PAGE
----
• October 18, 2018

    Wash. Tells Justices Tribal Right Isn't Violated By Fuel Tax

    The Washington State Department of Licensing told the U.S. Supreme Court to reverse a state Supreme Court ruling in favor of a tribal fuel distributor, saying a fuel tax does not violate the Yakama Nation’s right to travel on public highways and the company read a tribal treaty right too broadly while mischaracterizing state law.

  • October 18, 2018

    Toyoda Gosei To Pay $10.8M To Dealers In Auto Parts MDL

    A Michigan federal judge on Thursday gave the first nod to a $10.8 million settlement between auto dealerships and parts maker Toyoda Gosei and its affiliates in a multidistirict litigation over allegations of bid-rigging and fixing prices on a variety of parts.

  • October 18, 2018

    Enviros' Challenge To Wis. Highway Project Tossed

    A Wisconsin federal judge on Thursday threw out a challenge by two environmental groups to a Wisconsin highway project, finding no reversible fault with the state and federal government’s review.

  • October 18, 2018

    Insurer Not Off Hook For $8.7M Car Crash Injury Award

    A Michigan federal judge has denied Wausau Underwriters Insurance Co.'s bid to avoid paying an $8.7 million damage award against one of its policyholders, ruling there are issues of fact about whether the insurer acted in bad faith when the insured was sued over a car crash.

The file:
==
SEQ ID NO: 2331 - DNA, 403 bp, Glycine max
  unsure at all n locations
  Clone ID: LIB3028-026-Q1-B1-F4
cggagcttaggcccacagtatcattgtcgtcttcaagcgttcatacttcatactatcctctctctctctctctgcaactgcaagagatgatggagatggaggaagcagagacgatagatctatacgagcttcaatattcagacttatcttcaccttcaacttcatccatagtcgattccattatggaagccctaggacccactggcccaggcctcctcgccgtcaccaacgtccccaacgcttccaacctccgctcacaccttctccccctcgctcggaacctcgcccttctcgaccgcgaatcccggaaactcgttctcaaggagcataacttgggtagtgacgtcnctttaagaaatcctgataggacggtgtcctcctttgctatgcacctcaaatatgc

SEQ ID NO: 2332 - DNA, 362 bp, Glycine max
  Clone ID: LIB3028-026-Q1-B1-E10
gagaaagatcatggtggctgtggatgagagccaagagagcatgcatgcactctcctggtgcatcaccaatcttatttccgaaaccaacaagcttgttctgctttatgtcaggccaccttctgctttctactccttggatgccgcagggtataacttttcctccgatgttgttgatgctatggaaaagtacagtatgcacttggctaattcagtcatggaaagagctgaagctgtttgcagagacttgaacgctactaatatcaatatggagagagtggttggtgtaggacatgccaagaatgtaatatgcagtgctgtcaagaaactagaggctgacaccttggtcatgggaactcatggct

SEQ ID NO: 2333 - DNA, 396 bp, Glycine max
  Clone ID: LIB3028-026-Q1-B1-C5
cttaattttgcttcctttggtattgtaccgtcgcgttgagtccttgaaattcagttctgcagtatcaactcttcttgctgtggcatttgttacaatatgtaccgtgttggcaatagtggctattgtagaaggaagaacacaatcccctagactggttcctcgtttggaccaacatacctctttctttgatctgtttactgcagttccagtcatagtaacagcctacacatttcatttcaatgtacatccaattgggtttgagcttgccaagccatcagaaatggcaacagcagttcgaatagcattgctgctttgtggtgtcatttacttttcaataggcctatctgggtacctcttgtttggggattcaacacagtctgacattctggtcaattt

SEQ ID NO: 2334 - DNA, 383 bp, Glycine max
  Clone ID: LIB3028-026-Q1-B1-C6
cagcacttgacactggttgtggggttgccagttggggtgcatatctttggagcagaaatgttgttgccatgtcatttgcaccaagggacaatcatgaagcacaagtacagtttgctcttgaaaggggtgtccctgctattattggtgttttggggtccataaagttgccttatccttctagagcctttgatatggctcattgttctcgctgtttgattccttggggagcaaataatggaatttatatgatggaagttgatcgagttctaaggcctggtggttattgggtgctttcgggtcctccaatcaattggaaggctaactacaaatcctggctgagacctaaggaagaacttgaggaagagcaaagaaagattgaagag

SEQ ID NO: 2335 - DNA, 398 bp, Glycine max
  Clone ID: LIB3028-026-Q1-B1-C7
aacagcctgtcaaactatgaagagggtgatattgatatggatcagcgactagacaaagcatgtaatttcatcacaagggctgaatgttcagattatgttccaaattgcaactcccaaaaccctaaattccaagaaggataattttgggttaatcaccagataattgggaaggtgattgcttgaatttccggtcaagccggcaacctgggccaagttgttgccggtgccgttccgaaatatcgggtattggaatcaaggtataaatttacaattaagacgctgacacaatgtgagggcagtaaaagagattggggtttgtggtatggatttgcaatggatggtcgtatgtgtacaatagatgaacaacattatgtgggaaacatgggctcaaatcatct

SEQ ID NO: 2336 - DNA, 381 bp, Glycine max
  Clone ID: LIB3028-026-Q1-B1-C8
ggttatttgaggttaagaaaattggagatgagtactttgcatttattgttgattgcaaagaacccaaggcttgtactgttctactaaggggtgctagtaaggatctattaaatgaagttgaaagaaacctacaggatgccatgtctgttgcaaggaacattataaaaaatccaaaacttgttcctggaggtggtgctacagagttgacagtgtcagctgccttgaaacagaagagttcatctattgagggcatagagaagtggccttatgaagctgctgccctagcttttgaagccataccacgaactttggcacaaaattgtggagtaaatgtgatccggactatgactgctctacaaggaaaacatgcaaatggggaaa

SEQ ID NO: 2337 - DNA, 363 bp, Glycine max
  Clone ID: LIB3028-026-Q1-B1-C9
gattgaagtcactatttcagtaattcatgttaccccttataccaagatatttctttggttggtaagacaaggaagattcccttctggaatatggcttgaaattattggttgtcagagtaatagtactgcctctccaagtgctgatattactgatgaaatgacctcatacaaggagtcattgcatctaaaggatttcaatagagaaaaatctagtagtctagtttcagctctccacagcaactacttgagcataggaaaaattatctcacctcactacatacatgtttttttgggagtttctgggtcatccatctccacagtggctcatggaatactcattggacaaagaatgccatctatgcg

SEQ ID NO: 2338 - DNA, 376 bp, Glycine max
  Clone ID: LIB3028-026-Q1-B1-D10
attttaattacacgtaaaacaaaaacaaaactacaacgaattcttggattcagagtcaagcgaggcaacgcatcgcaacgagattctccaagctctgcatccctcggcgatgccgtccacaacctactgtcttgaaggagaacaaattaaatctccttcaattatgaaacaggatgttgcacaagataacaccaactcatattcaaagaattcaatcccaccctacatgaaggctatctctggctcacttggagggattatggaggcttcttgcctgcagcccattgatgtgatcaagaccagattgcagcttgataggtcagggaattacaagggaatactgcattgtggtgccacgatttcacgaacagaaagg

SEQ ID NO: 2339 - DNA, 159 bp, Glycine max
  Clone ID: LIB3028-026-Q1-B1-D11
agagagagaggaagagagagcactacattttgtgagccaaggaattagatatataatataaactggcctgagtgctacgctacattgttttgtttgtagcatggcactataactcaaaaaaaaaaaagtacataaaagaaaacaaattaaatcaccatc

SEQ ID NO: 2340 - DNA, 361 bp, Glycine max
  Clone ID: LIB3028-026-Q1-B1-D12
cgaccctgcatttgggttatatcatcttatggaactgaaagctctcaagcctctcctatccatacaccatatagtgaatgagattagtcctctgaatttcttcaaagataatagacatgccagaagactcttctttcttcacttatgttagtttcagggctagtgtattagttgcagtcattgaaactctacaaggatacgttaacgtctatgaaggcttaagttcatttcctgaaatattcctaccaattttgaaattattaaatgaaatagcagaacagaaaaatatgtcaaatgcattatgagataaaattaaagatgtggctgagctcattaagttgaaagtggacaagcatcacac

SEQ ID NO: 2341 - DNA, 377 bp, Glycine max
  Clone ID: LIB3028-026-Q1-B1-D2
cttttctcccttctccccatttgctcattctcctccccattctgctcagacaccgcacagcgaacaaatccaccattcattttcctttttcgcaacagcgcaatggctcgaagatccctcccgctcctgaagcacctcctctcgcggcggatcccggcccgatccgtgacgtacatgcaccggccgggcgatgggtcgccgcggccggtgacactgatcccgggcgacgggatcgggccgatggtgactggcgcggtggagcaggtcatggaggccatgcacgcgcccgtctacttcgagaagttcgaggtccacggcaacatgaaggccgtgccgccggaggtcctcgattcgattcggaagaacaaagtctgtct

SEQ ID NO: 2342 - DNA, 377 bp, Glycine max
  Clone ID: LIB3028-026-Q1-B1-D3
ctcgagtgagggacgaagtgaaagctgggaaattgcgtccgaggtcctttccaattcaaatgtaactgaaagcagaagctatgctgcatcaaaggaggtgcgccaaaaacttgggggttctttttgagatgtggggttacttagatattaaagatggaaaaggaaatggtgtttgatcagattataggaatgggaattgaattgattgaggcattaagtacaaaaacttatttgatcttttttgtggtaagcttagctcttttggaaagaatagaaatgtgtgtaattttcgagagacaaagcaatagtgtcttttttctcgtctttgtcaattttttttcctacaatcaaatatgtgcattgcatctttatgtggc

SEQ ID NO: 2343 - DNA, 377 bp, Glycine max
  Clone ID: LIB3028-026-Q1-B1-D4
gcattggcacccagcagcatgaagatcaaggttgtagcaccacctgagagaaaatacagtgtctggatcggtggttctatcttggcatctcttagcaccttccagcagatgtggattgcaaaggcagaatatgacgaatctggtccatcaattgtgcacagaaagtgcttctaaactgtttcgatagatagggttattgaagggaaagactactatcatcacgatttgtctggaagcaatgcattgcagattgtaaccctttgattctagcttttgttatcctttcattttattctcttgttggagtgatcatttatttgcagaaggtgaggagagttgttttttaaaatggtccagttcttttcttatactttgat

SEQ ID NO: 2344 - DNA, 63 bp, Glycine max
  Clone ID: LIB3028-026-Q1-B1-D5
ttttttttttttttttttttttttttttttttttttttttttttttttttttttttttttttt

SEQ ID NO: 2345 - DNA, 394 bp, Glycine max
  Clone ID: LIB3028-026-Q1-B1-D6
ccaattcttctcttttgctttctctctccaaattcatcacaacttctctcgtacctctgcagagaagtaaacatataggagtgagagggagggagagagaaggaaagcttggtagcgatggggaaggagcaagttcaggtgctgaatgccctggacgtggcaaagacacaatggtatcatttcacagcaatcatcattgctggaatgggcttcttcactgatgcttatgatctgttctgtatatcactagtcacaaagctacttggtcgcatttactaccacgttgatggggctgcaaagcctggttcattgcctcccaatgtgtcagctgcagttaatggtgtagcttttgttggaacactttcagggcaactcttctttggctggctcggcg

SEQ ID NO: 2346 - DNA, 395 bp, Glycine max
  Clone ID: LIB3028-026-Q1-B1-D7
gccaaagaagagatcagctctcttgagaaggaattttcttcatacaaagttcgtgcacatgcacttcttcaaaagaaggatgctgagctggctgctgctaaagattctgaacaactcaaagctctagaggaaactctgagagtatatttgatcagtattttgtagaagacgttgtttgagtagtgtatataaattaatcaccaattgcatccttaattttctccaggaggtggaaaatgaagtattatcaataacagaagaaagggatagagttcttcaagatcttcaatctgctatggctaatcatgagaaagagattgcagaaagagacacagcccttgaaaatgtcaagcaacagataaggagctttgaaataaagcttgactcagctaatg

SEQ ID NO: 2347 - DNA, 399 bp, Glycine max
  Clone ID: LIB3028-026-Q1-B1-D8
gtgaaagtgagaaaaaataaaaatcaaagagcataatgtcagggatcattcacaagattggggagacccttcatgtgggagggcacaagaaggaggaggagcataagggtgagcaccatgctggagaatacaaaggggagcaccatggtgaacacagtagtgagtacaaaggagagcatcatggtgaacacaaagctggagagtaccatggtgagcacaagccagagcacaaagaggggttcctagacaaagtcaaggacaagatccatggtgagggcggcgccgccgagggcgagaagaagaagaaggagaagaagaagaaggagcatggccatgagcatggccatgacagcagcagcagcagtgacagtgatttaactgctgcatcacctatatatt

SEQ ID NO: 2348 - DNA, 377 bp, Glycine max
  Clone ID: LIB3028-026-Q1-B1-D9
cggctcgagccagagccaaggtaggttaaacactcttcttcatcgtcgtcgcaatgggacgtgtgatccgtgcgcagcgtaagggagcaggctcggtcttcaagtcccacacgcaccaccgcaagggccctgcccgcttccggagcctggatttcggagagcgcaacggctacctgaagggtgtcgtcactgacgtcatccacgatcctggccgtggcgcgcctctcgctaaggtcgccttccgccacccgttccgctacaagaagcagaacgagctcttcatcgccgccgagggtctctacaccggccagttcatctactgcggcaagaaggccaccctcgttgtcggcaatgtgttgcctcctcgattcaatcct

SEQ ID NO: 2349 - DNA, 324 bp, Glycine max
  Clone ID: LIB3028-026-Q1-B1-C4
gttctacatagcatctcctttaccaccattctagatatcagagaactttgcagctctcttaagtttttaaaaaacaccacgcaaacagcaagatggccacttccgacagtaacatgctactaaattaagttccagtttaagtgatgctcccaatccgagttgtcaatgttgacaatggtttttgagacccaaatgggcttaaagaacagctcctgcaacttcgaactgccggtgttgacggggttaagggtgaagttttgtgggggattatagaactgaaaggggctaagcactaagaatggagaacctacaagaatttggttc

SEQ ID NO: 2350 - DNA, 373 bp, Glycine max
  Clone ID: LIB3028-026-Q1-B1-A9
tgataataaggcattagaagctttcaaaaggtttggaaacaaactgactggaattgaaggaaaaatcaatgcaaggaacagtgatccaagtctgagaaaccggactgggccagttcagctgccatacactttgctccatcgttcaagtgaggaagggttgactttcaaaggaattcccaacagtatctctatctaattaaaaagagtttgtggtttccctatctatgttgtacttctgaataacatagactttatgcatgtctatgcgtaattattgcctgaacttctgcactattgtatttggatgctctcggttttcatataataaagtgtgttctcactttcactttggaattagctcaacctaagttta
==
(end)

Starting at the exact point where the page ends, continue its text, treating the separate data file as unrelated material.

Expert Analysis

  • Need Litigation Finance? Don't Skip These 5 Steps

    Molly Pease

    The process of applying for litigation financing isn’t difficult, but few do it right the first time. Following five steps in your application process will help make sure litigation funders are convinced of the value of your company's legal claims, says Molly Pease of Curiam Capital LLC.

  • A Closer Look At EPA Inspector General's New Strategic Plan

    Brian Stansbury

    The U.S. Environmental Protection Agency's Office of Inspector General recently released its strategic plan for 2019 to 2023. Brian Stansbury and Leah Min of King & Spalding LLP provide insights on several noteworthy aspects, such as how the OIG will hold the EPA accountable for meeting 2019 targets and rely on data and business analytics to meet its goals.

  • EPA's New Approach To Interstate Air Pollution Under CAA

    Norman Fichthorn

    Over the last two decades, the U.S. Environmental Protection Agency’s efforts to address interstate air pollution under the Clean Air Act have yielded a series of complex federal regulatory programs. However, it's now signaling a method that involves greater deference to states’ analyses and determinations, says Norman Fichthorn of Hunton Andrews Kurth LLP.

  • A Holistic Approach To Client Retention

    Dan Tacone